Travel in­sur­ance is cru­cial

Central Leader - - NEWS -

South­ern Cross, the health and travel in­surer, is a vast or­gan­i­sa­tion.

So to keep the min­ions in var­i­ous parts of it feel­ing con­nected, a ‘‘dash­board’’ is sent round each quar­ter so said min­ions can see what their col­leagues are up to.

The lat­est one lists the top three claims in the first three months of this year.

The first is a claim for the $167,000 costs of air am­bu­lanc­ing a New Zealan­der hit by a car in Mex­ico, re­sult­ing in mul­ti­ple frac­tures, to Los Angeles and treat­ing him there.

The sec­ond was a claim for $91,000 for a per­son who fainted af­ter a long bi­cy­cle ride in France and suf­fered frac­tured ribs and a dam­aged kid­ney.

The third was for $76,500 for hos­pi­tal­i­sa­tion for ap­pen­dici­tis in the United States.

The amaz­ing thing is that only two of those would have made last year’s top 10 claims from the gi­ant travel in­surer. Those claims were (in or­der): $245,000 (aor­tic aneurysm while trav­el­ling in the US)

$234,000 (he­li­coptered to a larger hospi­tal in Europe with bleed­ing and wa­ter on the brain)

$196,000 (ad­mit­ted to hospi­tal in Europe with ab­dom­i­nal sep­sis and bowel ob­struc­tion)

$187,000 (in­ves­ti­ga­tion in Europe for brain mal­func­tion called cere­bel­lar ataxia)

$180,000 (re­s­pi­ra­tory fail­ure sec­ondary on board a cruise ship, brought back to New Zealand by air am­bu­lance)

$140,000 (hos­pi­talised in Asia and di­ag­nosed with Guil­lainBarre Syn­drome and as­pi­ra­tion pneu­mo­nia)

$135,000 (suf­fered a fa­tal stroke while trav­el­ling in the US)

$121,000 (fell while in the US and frac­tured their spine, caused by cancer and re­quired ra­dio­ther­apy)

$120,000 (suf­fered a bowel ob­struc­tion while on-board a cruise ship, ad­mit­ted to hospi­tal in Asia for surgery)

$90,000 (ad­mit­ted to hospi­tal on a South Pa­cific is­land fol­low­ing a seizure af­ter re­nal fail­ure, brought back to New Zealand by air am­bu­lance).

These are huge num­bers and the first rule of man­ag­ing risk is if you can in­sure yourself against the risk of hav­ing to pay a re­ally large sum of money, you do it.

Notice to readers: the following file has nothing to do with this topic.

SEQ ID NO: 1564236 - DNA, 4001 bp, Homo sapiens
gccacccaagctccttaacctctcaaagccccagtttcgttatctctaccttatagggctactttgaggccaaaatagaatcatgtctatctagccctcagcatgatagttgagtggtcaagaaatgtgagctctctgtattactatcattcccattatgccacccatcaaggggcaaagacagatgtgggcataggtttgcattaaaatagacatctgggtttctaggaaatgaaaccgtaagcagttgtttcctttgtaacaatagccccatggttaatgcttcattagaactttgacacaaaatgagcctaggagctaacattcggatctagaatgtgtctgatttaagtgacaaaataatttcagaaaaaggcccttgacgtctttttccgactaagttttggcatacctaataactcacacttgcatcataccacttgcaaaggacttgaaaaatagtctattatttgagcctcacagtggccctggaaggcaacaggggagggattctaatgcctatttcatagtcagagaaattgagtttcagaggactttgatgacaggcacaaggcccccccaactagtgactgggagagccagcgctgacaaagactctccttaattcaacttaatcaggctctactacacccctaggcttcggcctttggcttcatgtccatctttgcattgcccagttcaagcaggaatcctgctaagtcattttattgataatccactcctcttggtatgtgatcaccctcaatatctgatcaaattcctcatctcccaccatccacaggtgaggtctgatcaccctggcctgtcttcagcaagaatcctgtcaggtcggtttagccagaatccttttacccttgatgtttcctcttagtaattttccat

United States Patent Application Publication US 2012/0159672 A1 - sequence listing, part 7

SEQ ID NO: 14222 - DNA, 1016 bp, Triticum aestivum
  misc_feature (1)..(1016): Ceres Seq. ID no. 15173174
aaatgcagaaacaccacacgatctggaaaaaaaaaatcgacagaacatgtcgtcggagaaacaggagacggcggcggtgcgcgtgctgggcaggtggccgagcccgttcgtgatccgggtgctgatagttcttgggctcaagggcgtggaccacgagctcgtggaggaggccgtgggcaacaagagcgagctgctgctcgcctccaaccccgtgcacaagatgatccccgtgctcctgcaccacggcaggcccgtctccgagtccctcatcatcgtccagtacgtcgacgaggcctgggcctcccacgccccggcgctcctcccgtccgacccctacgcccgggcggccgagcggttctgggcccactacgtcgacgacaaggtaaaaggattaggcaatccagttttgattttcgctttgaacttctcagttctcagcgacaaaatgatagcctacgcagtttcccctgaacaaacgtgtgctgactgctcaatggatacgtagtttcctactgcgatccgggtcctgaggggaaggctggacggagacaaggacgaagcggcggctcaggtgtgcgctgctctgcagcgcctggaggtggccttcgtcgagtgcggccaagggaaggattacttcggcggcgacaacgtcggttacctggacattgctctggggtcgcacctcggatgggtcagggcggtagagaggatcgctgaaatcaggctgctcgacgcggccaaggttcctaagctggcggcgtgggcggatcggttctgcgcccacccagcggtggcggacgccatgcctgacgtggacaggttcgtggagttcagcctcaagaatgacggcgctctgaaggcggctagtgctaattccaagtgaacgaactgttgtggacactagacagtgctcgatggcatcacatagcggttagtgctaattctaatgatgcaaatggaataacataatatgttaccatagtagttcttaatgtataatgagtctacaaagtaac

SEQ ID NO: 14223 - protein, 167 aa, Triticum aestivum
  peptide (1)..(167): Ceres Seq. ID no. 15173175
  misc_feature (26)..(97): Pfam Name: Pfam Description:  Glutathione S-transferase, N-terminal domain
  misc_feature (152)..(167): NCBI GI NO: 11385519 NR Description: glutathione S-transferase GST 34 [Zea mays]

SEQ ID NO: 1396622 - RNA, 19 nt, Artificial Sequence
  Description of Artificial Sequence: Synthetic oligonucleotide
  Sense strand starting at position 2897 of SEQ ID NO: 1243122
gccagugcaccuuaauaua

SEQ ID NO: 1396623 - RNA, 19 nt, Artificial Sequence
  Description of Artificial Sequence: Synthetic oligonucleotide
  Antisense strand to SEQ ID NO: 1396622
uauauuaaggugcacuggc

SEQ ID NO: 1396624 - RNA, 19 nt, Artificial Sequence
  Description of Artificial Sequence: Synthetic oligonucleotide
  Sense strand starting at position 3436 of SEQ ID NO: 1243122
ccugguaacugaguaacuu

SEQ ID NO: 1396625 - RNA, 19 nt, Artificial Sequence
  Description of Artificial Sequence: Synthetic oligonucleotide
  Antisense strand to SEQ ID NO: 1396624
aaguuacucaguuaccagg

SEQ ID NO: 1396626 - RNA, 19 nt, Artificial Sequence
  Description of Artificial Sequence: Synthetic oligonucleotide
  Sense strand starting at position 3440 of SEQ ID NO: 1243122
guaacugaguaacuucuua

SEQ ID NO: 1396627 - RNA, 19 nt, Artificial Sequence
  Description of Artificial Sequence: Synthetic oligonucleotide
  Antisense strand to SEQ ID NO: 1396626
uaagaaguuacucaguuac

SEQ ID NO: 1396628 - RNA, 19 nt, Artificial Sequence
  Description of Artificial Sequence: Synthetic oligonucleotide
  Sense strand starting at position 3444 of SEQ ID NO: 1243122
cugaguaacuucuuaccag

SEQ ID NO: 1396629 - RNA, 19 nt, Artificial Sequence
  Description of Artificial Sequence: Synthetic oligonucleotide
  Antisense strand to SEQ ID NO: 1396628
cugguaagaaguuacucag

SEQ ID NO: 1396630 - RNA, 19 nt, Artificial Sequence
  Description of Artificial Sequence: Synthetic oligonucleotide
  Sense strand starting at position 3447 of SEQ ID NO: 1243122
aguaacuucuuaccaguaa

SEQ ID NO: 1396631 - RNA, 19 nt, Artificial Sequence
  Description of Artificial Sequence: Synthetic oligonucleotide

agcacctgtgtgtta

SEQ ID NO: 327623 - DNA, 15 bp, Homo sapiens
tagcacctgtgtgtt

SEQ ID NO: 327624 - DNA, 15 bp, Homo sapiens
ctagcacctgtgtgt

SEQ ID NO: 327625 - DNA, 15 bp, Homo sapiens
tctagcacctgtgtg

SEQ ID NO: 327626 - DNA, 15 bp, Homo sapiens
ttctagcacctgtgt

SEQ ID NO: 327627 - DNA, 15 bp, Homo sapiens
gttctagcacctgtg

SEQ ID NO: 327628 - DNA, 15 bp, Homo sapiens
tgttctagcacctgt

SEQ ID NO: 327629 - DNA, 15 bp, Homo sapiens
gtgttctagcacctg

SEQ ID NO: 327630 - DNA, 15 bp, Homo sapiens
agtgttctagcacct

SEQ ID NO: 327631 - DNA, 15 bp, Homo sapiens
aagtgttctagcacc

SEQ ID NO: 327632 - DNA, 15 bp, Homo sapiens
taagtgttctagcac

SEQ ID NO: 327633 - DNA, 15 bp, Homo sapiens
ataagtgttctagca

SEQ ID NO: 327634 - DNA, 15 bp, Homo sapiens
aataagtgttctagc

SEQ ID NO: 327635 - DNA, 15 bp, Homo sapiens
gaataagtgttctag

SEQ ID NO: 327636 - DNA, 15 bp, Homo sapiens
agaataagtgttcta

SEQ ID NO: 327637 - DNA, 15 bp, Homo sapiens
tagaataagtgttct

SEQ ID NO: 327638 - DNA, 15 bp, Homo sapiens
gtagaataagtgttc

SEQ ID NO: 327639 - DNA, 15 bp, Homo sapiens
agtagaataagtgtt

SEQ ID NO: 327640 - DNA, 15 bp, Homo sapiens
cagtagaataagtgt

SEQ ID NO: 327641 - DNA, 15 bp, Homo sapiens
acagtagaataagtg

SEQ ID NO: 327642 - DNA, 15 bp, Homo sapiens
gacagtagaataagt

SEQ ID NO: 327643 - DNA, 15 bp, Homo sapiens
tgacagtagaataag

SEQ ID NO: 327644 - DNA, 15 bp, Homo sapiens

That’s why we have car in­sur­ance (rear-end­ing a Fer­rari), and house in­sur­ance (a big fire de­stroy­ing it), and health in­sur­ance (your knee needs re­plac­ing).

All this adds up to some sim­ple morals.

If you travel, you need travel in­sur­ance.

If you travel with kids, you triple need it.

If you are young and you are trav­el­ling alone, you need it.

The al­ter­na­tive should the worst hap­pen can range from not be­ing able to get treat­ment, to you or your loved ones in New Zealand hav­ing to im­pov­er­ish them­selves by find­ing tens, if not hun­dreds of thou­sands of dol­lars to bail you out.

Travel in­sur­ance is a pain be­cause it lifts the cost of travel, but like in­sur­ance on loans, there’s a strong ar­gu­ment that it should be viewed as a nec­es­sary cost.

Now travel in­sur­ance is not like a Mo­nop­oly Get-out-of-jail-free card. Poli­cies gen­er­ally have so many ex­clu­sions, that you should in­vest a good cou­ple of hours be­fore you buy read­ing the pol­icy.

For ex­am­ple, in­sur­ers won’t pay for events caused by cer­tain reck­less ac­tions, such as ac­cept­ing an in­vi­ta­tion to tour a Brazil­ian Favella from a shifty-look­ing man who ap­proached you in the street.

But when the worst hap­pens over­seas, and that usu­ally means some­thing med­i­cal, you need im­me­di­ate ac­cess to money and ad­vice, and hav­ing a big in­surer there to pro­vide both is nec­es­sary.

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